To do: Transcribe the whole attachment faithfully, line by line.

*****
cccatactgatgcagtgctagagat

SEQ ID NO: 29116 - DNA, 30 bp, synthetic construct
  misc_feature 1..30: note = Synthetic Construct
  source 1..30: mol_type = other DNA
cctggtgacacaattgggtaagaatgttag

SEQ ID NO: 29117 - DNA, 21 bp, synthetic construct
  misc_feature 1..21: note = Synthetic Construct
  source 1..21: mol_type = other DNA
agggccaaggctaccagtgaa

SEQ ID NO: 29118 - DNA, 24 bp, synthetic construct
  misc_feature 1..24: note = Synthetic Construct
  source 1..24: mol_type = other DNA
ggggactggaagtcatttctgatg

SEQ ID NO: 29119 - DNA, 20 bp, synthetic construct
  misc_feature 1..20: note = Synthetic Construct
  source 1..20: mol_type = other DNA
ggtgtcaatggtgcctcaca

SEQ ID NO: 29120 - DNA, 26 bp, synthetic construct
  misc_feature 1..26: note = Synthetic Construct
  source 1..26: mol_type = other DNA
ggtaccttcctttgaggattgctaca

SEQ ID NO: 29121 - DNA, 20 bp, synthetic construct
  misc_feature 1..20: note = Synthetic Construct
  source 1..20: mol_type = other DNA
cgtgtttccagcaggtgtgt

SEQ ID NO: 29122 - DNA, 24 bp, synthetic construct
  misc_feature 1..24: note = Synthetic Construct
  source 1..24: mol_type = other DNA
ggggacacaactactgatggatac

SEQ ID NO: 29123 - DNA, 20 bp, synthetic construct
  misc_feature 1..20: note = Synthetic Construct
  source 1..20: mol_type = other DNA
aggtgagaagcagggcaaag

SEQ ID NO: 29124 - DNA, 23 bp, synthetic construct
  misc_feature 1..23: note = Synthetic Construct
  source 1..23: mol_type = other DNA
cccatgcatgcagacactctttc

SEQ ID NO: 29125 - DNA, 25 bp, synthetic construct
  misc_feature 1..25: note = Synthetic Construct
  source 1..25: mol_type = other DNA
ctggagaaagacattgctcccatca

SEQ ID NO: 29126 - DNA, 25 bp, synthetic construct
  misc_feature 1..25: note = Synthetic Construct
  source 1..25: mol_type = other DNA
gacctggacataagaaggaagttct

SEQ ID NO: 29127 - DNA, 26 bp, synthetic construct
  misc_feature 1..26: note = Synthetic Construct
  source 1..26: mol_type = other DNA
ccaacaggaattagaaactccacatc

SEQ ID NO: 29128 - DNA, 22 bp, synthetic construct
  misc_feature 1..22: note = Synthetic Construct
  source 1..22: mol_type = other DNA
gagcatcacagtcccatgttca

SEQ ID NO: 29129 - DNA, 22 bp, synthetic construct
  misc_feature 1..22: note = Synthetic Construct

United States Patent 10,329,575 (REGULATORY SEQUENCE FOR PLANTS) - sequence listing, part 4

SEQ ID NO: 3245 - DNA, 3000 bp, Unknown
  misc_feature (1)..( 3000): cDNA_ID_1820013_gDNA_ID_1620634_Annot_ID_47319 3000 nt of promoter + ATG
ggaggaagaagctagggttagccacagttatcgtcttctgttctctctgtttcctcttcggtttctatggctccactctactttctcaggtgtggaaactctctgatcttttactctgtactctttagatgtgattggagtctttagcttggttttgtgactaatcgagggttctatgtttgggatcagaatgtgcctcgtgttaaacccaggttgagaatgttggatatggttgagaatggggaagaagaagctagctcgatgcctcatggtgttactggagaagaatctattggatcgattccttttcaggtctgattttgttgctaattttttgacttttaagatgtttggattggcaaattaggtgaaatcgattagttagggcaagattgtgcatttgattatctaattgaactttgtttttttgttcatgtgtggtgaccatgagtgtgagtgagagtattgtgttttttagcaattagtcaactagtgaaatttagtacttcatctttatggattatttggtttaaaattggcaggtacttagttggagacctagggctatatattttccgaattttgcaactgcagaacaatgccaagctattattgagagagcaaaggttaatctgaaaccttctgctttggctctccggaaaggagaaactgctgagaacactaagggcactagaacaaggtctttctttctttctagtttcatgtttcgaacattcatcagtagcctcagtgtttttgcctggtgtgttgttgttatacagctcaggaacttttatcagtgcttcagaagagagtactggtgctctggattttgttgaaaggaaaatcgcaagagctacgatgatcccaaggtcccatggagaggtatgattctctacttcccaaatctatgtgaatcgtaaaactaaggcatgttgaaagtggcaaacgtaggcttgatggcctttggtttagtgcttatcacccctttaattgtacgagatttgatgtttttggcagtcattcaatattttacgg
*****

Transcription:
cccatactgatgcagtgctagagat

SEQ ID NO: 29116 - DNA, 30 bp, synthetic construct
  misc_feature 1..30: note = Synthetic Construct
  source 1..30: mol_type = other DNA
cctggtgacacaattgggtaagaatgttag

SEQ ID NO: 29117 - DNA, 21 bp, synthetic construct
  misc_feature 1..21: note = Synthetic Construct
  source 1..21: mol_type = other DNA
agggccaaggctaccagtgaa

SEQ ID NO: 29118 - DNA, 24 bp, synthetic construct
  misc_feature 1..24: note = Synthetic Construct
  source 1..24: mol_type = other DNA
ggggactggaagtcatttctgatg

SEQ ID NO: 29119 - DNA, 20 bp, synthetic construct
  misc_feature 1..20: note = Synthetic Construct
  source 1..20: mol_type = other DNA
ggtgtcaatggtgcctcaca

SEQ ID NO: 29120 - DNA, 26 bp, synthetic construct
  misc_feature 1..26: note = Synthetic Construct
  source 1..26: mol_type = other DNA
ggtaccttcctttgaggattgctaca

SEQ ID NO: 29121 - DNA, 20 bp, synthetic construct
  misc_feature 1..20: note = Synthetic Construct
  source 1..20: mol_type = other DNA
cgtgtttccagcaggtgtgt

SEQ ID NO: 29122 - DNA, 24 bp, synthetic construct
  misc_feature 1..24: note = Synthetic Construct
  source 1..24: mol_type = other DNA
ggggacacaactactgatggatac

SEQ ID NO: 29123 - DNA, 20 bp, synthetic construct
  misc_feature 1..20: note = Synthetic Construct
  source 1..20: mol_type = other DNA
aggtgagaagcagggcaaag

SEQ ID NO: 29124 - DNA, 23 bp, synthetic construct
  misc_feature 1..23: note = Synthetic Construct
  source 1..23: mol_type = other DNA
cccatgcatgcagacactctttc

SEQ ID NO: 29125 - DNA, 25 bp, synthetic construct
  misc_feature 1..25: note = Synthetic Construct
  source 1..25: mol_type = other DNA
ctggagaaagacattgctcccatca

SEQ ID NO: 29126 - DNA, 25 bp, synthetic construct
  misc_feature 1..25: note = Synthetic Construct
  source 1..25: mol_type = other DNA
gacctggacataagaaggaagttct

SEQ ID NO: 29127 - DNA, 26 bp, synthetic construct
  misc_feature 1..26: note = Synthetic Construct
  source 1..26: mol_type = other DNA
ccaacaggaattagaaactccacatc

SEQ ID NO: 29128 - DNA, 22 bp, synthetic construct
  misc_feature 1..22: note = Synthetic Construct
  source 1..22: mol_type = other DNA
gagcatcacagtcccatgttca

SEQ ID NO: 29129 - DNA, 22 bp, synthetic construct
  misc_feature 1..22: note = Synthetic Construct

United States Patent 10,329,575 (REGULATORY SEQUENCE FOR PLANTS) - sequence listing, part 4

SEQ ID NO: 3245 - DNA, 3000 bp, Unknown
  misc_feature (1)..( 3000): cDNA_ID_1820013_gDNA_ID_1620634_Annot_ID_47319 3000 nt of promoter + ATG
ggaggaagaagctagggttagccacagttatcgtcttctgttctctctgtttcctcttcggtttctatggctccactctactttctcaggtgtggaaactctctgatcttttactctgtactctttagatgtgattggagtctttagcttggttttgtgactaatcgagggttctatgtttgggatcagaatgtgcctcgtgttaaacccaggttgagaatgttggatatggttgagaatggggaagaagaagctagctcgatgcctcatggtgttactggagaagaatctattggatcgattccttttcaggtctgattttgttgctaattttttgacttttaagatgtttggattggcaaattaggtgaaatcgattagttagggcaagattgtgcatttgattatctaattgaactttgtttttttgttcatgtgtggtgaccatgagtgtgagtgagagtattgtgttttttagcaattagtcaactagtgaaatttagtacttcatctttatggattatttggtttaaaattggcaggtacttagttggagacctagggctatatattttccgaattttgcaactgcagaacaatgccaagctattattgagagagcaaaggttaatctgaaaccttctgctttggctctccggaaaggagaaactgctgagaacactaagggcactagaacaaggtctttctttctttctagtttcatgtttcgaacattcatcagtagcctcagtgtttttgcctggtgtgttgttgttatacagctcaggaacttttatcagtgcttcagaagagagtactggtgctctggattttgttgaaaggaaaatcgcaagagctacgatgatcccaaggtcccatggagaggtatgattctctacttcccaaatctatgtgaatcgtaaaactaaggcatgttgaaagtggcaaacgtaggcttgatggcctttggtttagtgcttatcacccctttaattgtacgagatttgatgtttttggcagtcattcaatattttacgg